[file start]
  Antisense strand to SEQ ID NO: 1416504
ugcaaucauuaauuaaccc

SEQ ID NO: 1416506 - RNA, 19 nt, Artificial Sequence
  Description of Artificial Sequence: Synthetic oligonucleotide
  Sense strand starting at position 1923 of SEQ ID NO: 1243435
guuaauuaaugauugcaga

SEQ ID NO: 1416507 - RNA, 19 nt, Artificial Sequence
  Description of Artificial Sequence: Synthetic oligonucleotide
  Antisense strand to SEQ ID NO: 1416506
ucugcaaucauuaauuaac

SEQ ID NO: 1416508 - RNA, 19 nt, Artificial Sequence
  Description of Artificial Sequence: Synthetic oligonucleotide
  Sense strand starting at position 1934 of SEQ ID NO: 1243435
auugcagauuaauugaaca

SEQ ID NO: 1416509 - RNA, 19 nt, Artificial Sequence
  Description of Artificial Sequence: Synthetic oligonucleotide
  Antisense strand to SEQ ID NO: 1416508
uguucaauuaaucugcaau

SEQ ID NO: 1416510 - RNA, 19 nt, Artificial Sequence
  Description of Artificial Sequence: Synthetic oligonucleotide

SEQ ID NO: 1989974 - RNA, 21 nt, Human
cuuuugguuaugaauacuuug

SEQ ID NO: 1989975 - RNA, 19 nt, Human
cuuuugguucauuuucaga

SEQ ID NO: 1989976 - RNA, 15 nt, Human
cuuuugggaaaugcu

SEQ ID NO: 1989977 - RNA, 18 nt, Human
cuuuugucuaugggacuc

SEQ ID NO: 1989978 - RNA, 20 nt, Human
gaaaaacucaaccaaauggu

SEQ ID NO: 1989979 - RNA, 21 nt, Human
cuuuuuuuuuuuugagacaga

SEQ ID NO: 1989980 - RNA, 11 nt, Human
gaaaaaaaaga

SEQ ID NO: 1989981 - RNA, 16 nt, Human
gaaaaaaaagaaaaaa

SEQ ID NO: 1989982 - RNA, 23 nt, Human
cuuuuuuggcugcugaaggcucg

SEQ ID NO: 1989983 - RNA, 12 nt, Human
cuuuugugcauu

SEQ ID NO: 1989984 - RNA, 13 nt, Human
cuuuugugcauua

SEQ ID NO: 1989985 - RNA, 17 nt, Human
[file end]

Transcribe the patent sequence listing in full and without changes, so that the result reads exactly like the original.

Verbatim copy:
  Antisense strand to SEQ ID NO: 1416504
ugcaaucauuaauuaaccc

SEQ ID NO: 1416506 - RNA, 19 nt, Artificial Sequence
  Description of Artificial Sequence: Synthetic oligonucleotide
  Sense strand starting at position 1923 of SEQ ID NO: 1243435
guuaauuaaugauugcaga

SEQ ID NO: 1416507 - RNA, 19 nt, Artificial Sequence
  Description of Artificial Sequence: Synthetic oligonucleotide
  Antisense strand to SEQ ID NO: 1416506
ucugcaaucauuaauuaac

SEQ ID NO: 1416508 - RNA, 19 nt, Artificial Sequence
  Description of Artificial Sequence: Synthetic oligonucleotide
  Sense strand starting at position 1934 of SEQ ID NO: 1243435
auugcagauuaauugaaca

SEQ ID NO: 1416509 - RNA, 19 nt, Artificial Sequence
  Description of Artificial Sequence: Synthetic oligonucleotide
  Antisense strand to SEQ ID NO: 1416508
uguucaauuaaucugcaau

SEQ ID NO: 1416510 - RNA, 19 nt, Artificial Sequence
  Description of Artificial Sequence: Synthetic oligonucleotide

SEQ ID NO: 1989974 - RNA, 21 nt, Human
cuuuugguuaugaauacuuug

SEQ ID NO: 1989975 - RNA, 19 nt, Human
cuuuugguucauuuucaga

SEQ ID NO: 1989976 - RNA, 15 nt, Human
cuuuugggaaaugcu

SEQ ID NO: 1989977 - RNA, 18 nt, Human
cuuuugucuaugggacuc

SEQ ID NO: 1989978 - RNA, 20 nt, Human
gaaaaacucaaccaaauggu

SEQ ID NO: 1989979 - RNA, 21 nt, Human
cuuuuuuuuuuuugagacaga

SEQ ID NO: 1989980 - RNA, 11 nt, Human
gaaaaaaaaga

SEQ ID NO: 1989981 - RNA, 16 nt, Human
gaaaaaaaagaaaaaa

SEQ ID NO: 1989982 - RNA, 23 nt, Human
cuuuuuuggcugcugaaggcucg

SEQ ID NO: 1989983 - RNA, 12 nt, Human
cuuuugugcauu

SEQ ID NO: 1989984 - RNA, 13 nt, Human
cuuuugugcauua

SEQ ID NO: 1989985 - RNA, 17 nt, Human